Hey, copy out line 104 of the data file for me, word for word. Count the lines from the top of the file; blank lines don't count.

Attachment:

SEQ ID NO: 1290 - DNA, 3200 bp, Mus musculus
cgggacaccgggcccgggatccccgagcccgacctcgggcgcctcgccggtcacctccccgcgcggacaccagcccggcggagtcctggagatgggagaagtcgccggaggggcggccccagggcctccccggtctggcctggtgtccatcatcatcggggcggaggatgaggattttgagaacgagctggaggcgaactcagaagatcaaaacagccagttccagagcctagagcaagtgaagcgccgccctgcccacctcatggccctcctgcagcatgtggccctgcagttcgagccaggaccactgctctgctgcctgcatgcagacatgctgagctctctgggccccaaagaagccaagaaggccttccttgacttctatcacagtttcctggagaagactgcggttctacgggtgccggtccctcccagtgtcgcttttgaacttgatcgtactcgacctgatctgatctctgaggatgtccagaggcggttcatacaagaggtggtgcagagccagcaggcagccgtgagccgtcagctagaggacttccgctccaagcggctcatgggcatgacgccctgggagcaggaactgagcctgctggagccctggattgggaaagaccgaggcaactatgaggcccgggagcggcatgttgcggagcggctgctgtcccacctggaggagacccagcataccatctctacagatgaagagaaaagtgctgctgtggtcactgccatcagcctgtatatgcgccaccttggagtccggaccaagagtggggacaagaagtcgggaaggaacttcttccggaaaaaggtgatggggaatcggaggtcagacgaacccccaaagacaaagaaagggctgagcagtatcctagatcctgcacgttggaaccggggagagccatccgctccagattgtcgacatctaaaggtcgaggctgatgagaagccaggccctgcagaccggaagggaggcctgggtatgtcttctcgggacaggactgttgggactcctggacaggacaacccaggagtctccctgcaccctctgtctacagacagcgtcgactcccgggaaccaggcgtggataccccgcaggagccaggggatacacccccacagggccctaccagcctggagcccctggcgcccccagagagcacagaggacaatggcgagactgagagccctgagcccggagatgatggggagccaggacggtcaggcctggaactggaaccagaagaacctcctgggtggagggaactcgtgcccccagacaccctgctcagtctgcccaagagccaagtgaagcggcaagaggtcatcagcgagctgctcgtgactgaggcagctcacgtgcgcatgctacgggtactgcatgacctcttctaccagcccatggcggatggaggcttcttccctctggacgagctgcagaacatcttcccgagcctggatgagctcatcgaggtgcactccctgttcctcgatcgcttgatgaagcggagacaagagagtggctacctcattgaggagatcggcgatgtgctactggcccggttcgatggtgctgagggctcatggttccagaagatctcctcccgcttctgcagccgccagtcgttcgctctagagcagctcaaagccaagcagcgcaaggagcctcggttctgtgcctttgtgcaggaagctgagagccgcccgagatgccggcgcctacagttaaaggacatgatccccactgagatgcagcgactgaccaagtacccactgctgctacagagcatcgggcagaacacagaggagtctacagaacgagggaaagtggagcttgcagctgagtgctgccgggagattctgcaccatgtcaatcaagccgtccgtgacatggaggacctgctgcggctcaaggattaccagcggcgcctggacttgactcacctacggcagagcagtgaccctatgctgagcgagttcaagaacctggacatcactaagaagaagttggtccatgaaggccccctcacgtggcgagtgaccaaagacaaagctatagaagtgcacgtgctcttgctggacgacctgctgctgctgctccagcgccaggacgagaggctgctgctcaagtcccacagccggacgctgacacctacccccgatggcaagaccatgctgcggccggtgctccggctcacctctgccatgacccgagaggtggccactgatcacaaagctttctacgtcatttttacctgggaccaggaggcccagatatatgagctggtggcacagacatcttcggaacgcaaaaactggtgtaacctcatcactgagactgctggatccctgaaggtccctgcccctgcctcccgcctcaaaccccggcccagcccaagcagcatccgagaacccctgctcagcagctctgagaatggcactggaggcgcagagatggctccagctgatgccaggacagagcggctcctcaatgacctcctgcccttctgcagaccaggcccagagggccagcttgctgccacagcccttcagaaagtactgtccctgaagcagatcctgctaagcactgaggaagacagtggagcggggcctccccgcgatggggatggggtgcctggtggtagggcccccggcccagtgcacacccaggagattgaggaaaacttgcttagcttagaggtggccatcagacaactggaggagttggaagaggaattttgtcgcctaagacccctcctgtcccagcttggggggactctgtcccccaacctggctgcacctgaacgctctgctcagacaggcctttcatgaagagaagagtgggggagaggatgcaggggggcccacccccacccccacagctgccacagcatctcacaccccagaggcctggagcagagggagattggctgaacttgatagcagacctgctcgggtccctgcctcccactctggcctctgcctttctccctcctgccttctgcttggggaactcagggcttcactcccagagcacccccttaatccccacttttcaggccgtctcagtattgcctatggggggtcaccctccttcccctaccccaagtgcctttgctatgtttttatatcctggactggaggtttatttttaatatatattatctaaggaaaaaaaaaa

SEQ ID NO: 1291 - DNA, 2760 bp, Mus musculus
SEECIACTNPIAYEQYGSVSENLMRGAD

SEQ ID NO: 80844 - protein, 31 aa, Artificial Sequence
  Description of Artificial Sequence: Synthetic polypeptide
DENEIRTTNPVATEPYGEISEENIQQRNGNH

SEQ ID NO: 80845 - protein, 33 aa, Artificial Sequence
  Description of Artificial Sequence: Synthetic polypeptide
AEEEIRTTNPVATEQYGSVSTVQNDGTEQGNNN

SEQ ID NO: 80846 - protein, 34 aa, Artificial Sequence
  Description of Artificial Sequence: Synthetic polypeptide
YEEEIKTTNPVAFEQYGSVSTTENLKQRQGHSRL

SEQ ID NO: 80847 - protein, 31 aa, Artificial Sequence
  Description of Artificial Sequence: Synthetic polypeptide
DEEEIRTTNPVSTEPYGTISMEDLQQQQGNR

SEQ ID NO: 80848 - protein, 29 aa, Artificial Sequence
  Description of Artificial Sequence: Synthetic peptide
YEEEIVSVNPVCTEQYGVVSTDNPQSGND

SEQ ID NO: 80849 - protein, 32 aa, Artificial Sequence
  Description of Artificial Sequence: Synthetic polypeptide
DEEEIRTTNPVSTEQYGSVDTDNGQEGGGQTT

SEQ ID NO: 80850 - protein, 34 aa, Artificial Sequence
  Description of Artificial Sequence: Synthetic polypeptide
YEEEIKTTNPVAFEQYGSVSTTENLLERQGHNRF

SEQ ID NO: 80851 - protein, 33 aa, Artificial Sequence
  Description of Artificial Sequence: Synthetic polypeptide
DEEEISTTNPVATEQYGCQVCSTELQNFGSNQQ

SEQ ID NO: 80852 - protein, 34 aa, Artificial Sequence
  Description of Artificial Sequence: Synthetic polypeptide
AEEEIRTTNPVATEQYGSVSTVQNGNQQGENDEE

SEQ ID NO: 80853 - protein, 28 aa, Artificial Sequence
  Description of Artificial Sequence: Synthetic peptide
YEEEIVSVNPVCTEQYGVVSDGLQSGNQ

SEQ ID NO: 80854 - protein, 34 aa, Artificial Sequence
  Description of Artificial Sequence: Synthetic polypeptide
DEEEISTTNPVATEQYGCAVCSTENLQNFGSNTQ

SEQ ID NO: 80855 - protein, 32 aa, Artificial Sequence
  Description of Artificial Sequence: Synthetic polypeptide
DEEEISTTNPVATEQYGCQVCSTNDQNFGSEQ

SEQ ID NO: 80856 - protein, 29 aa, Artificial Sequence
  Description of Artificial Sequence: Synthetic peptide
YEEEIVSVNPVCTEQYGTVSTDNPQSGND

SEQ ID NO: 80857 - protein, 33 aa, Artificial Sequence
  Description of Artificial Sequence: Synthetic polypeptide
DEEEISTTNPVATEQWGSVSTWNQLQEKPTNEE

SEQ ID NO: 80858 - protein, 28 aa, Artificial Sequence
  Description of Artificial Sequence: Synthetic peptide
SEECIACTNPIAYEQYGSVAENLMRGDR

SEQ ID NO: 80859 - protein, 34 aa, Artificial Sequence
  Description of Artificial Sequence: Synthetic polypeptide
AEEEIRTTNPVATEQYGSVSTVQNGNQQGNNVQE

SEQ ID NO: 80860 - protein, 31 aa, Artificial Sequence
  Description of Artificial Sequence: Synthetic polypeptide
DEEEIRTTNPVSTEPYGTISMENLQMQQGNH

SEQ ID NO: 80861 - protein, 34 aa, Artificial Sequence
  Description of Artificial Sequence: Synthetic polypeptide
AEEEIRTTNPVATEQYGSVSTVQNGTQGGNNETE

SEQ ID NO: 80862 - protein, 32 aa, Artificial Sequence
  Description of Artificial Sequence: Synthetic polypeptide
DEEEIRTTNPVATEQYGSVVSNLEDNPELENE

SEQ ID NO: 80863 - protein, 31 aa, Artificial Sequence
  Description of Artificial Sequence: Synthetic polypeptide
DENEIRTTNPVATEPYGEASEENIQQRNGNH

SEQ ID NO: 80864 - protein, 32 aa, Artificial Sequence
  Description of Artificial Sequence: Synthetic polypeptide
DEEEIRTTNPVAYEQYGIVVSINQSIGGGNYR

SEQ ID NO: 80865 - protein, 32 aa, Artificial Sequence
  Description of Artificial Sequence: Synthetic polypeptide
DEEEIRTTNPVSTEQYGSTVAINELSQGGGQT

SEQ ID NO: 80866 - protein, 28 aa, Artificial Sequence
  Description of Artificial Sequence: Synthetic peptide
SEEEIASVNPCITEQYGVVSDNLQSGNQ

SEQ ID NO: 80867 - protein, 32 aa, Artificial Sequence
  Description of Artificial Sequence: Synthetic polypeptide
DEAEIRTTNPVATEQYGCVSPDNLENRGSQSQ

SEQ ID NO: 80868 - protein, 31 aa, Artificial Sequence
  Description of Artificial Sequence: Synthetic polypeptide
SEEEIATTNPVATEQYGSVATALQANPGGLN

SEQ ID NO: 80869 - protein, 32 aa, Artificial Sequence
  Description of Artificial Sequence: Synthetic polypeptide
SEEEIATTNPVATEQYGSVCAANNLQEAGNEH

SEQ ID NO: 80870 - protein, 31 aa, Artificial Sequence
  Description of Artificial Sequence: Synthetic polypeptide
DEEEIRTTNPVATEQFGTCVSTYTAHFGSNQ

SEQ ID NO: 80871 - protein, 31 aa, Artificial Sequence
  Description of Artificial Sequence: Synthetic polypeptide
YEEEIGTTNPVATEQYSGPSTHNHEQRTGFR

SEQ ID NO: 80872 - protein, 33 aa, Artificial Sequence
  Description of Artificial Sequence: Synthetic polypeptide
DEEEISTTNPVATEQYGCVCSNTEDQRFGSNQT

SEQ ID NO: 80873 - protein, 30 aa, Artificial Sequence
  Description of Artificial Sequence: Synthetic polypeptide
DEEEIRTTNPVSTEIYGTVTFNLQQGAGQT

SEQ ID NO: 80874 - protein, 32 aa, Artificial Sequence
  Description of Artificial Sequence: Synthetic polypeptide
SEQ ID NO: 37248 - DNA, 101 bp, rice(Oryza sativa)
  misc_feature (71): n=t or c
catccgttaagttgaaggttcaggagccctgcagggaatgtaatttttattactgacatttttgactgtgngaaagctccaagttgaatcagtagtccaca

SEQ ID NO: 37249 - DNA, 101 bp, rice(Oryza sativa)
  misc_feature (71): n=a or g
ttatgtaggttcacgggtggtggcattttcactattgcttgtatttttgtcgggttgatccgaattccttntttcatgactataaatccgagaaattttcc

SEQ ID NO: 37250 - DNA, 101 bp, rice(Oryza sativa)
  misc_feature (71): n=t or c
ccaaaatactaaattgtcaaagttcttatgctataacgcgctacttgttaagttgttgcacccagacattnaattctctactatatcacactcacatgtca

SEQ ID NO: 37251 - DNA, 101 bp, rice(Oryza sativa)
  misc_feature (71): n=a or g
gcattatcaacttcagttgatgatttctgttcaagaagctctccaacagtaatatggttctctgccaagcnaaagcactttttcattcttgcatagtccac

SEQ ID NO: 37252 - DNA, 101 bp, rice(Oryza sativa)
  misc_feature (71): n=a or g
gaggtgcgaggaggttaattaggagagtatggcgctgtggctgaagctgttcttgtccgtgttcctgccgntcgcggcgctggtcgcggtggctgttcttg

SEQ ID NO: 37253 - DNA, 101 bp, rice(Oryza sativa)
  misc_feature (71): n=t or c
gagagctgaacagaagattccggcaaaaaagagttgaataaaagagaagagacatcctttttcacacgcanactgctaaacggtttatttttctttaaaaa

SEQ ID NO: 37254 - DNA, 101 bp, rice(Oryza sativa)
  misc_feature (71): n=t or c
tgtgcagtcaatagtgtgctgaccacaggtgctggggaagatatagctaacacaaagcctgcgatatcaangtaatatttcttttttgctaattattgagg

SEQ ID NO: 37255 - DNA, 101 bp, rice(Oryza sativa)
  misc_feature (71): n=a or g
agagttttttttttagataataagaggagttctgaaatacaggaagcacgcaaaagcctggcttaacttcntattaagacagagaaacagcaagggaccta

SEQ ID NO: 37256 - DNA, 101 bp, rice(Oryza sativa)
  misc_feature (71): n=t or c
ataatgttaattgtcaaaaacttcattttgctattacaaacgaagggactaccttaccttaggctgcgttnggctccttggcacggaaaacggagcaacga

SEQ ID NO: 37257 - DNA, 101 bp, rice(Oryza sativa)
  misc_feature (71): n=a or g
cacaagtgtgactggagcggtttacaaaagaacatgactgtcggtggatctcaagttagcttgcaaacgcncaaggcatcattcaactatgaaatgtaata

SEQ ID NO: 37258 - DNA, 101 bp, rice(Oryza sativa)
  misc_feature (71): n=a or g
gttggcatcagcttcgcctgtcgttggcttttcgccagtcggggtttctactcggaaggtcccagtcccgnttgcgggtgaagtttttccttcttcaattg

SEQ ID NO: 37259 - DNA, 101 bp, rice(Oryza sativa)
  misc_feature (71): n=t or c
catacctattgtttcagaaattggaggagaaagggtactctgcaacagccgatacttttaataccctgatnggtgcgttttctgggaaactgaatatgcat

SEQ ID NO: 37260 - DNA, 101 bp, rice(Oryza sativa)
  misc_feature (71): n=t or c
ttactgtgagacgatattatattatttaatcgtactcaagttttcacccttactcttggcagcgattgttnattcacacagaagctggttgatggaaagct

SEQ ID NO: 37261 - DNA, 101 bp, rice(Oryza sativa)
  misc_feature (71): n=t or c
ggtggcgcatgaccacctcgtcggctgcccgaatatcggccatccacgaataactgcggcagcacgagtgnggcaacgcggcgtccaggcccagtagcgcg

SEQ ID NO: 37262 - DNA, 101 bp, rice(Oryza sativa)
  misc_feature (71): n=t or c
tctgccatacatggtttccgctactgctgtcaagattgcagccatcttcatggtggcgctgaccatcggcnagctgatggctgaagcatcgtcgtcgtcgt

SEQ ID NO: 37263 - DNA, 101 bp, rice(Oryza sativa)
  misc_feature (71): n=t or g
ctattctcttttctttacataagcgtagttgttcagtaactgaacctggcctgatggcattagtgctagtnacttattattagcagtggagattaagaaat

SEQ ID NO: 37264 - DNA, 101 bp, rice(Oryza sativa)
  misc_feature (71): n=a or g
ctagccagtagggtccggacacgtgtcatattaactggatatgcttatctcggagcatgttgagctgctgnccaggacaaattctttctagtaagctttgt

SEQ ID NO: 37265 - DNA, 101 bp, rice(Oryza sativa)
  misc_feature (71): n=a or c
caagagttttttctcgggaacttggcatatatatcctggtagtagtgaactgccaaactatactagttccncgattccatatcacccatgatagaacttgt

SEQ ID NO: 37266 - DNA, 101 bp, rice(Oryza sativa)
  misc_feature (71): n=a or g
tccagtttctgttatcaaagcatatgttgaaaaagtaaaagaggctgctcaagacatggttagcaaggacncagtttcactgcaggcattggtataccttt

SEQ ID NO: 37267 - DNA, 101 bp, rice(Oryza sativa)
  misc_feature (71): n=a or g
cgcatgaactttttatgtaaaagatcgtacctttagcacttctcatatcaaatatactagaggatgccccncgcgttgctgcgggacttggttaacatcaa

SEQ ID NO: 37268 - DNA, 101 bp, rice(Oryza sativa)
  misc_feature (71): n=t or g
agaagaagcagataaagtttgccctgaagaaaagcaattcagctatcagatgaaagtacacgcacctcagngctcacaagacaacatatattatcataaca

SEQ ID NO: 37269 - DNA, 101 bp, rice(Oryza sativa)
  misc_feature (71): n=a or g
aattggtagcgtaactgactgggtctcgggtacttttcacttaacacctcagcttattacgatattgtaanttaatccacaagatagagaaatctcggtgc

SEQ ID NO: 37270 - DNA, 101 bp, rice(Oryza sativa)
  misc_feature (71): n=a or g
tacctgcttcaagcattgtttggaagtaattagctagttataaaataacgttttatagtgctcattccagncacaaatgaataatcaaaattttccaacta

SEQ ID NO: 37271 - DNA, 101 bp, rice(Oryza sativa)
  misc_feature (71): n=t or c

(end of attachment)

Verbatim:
  misc_feature (71): n=t or c